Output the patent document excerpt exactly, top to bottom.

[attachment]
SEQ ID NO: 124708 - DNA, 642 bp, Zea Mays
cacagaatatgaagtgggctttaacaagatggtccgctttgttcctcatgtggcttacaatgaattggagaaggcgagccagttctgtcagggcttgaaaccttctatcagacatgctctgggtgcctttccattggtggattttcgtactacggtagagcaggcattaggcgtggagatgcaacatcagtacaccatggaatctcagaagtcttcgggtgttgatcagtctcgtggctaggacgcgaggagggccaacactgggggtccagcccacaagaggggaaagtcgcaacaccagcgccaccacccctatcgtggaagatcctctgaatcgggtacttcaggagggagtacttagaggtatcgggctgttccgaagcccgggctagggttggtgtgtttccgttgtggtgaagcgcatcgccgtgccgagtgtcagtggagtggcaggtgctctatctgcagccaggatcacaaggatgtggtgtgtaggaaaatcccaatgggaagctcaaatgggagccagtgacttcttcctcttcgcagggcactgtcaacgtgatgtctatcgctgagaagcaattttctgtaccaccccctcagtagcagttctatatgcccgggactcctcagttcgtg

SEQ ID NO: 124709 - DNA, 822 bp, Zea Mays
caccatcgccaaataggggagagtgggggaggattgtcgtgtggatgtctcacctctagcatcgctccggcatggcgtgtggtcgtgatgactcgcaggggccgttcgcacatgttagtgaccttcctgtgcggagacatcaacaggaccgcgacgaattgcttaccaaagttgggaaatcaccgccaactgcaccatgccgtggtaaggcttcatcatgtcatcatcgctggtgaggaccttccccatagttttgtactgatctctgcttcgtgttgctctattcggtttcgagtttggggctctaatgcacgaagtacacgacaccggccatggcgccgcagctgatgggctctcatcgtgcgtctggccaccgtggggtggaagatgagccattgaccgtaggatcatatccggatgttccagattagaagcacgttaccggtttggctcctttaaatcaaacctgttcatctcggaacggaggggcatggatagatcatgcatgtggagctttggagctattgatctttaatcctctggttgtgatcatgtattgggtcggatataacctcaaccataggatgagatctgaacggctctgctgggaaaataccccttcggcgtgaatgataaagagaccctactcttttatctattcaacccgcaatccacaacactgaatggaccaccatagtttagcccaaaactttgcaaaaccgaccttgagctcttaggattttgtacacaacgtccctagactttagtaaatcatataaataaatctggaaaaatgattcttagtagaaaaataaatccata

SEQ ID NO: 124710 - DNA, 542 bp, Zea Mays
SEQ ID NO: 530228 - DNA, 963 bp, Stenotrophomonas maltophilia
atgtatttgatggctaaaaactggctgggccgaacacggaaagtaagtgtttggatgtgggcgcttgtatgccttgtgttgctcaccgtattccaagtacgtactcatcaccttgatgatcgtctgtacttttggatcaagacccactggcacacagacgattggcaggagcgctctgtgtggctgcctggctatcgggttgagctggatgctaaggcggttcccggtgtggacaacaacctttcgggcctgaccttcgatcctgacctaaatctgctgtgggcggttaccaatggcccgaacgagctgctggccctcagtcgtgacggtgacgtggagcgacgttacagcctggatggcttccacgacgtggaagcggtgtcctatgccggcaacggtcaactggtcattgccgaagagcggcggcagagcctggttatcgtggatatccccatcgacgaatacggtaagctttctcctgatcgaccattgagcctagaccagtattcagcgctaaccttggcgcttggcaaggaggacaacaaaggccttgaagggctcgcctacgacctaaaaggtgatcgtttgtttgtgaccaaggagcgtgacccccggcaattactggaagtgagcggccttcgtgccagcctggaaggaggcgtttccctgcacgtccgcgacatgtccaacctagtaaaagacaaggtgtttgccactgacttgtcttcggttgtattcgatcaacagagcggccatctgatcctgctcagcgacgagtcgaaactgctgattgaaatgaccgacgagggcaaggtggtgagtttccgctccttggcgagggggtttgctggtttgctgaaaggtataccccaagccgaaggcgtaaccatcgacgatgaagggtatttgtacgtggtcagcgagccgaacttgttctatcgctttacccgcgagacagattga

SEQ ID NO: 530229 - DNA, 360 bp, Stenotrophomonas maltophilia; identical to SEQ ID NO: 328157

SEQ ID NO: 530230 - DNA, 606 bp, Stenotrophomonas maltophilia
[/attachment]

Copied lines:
SEQ ID NO: 124708 - DNA, 642 bp, Zea Mays
cacagaatatgaagtgggctttaacaagatggtccgctttgttcctcatgtggcttacaatgaattggagaaggcgagccagttctgtcagggcttgaaaccttctatcagacatgctctgggtgcctttccattggtggattttcgtactacggtagagcaggcattaggcgtggagatgcaacatcagtacaccatggaatctcagaagtcttcgggtgttgatcagtctcgtggctaggacgcgaggagggccaacactgggggtccagcccacaagaggggaaagtcgcaacaccagcgccaccacccctatcgtggaagatcctctgaatcgggtacttcaggagggagtacttagaggtatcgggctgttccgaagcccgggctagggttggtgtgtttccgttgtggtgaagcgcatcgccgtgccgagtgtcagtggagtggcaggtgctctatctgcagccaggatcacaaggatgtggtgtgtaggaaaatcccaatgggaagctcaaatgggagccagtgacttcttcctcttcgcagggcactgtcaacgtgatgtctatcgctgagaagcaattttctgtaccaccccctcagtagcagttctatatgcccgggactcctcagttcgtg

SEQ ID NO: 124709 - DNA, 822 bp, Zea Mays
caccatcgccaaataggggagagtgggggaggattgtcgtgtggatgtctcacctctagcatcgctccggcatggcgtgtggtcgtgatgactcgcaggggccgttcgcacatgttagtgaccttcctgtgcggagacatcaacaggaccgcgacgaattgcttaccaaagttgggaaatcaccgccaactgcaccatgccgtggtaaggcttcatcatgtcatcatcgctggtgaggaccttccccatagttttgtactgatctctgcttcgtgttgctctattcggtttcgagtttggggctctaatgcacgaagtacacgacaccggccatggcgccgcagctgatgggctctcatcgtgcgtctggccaccgtggggtggaagatgagccattgaccgtaggatcatatccggatgttccagattagaagcacgttaccggtttggctcctttaaatcaaacctgttcatctcggaacggaggggcatggatagatcatgcatgtggagctttggagctattgatctttaatcctctggttgtgatcatgtattgggtcggatataacctcaaccataggatgagatctgaacggctctgctgggaaaataccccttcggcgtgaatgataaagagaccctactcttttatctattcaacccgcaatccacaacactgaatggaccaccatagtttagcccaaaactttgcaaaaccgaccttgagctcttaggattttgtacacaacgtccctagactttagtaaatcatataaataaatctggaaaaatgattcttagtagaaaaataaatccata

SEQ ID NO: 124710 - DNA, 542 bp, Zea Mays
SEQ ID NO: 530228 - DNA, 963 bp, Stenotrophomonas maltophilia
atgtatttgatggctaaaaactggctgggccgaacacggaaagtaagtgtttggatgtgggcgcttgtatgccttgtgttgctcaccgtattccaagtacgtactcatcaccttgatgatcgtctgtacttttggatcaagacccactggcacacagacgattggcaggagcgctctgtgtggctgcctggctatcgggttgagctggatgctaaggcggttcccggtgtggacaacaacctttcgggcctgaccttcgatcctgacctaaatctgctgtgggcggttaccaatggcccgaacgagctgctggccctcagtcgtgacggtgacgtggagcgacgttacagcctggatggcttccacgacgtggaagcggtgtcctatgccggcaacggtcaactggtcattgccgaagagcggcggcagagcctggttatcgtggatatccccatcgacgaatacggtaagctttctcctgatcgaccattgagcctagaccagtattcagcgctaaccttggcgcttggcaaggaggacaacaaaggccttgaagggctcgcctacgacctaaaaggtgatcgtttgtttgtgaccaaggagcgtgacccccggcaattactggaagtgagcggccttcgtgccagcctggaaggaggcgtttccctgcacgtccgcgacatgtccaacctagtaaaagacaaggtgtttgccactgacttgtcttcggttgtattcgatcaacagagcggccatctgatcctgctcagcgacgagtcgaaactgctgattgaaatgaccgacgagggcaaggtggtgagtttccgctccttggcgagggggtttgctggtttgctgaaaggtataccccaagccgaaggcgtaaccatcgacgatgaagggtatttgtacgtggtcagcgagccgaacttgttctatcgctttacccgcgagacagattga

SEQ ID NO: 530229 - DNA, 360 bp, Stenotrophomonas maltophilia; identical to SEQ ID NO: 328157

SEQ ID NO: 530230 - DNA, 606 bp, Stenotrophomonas maltophilia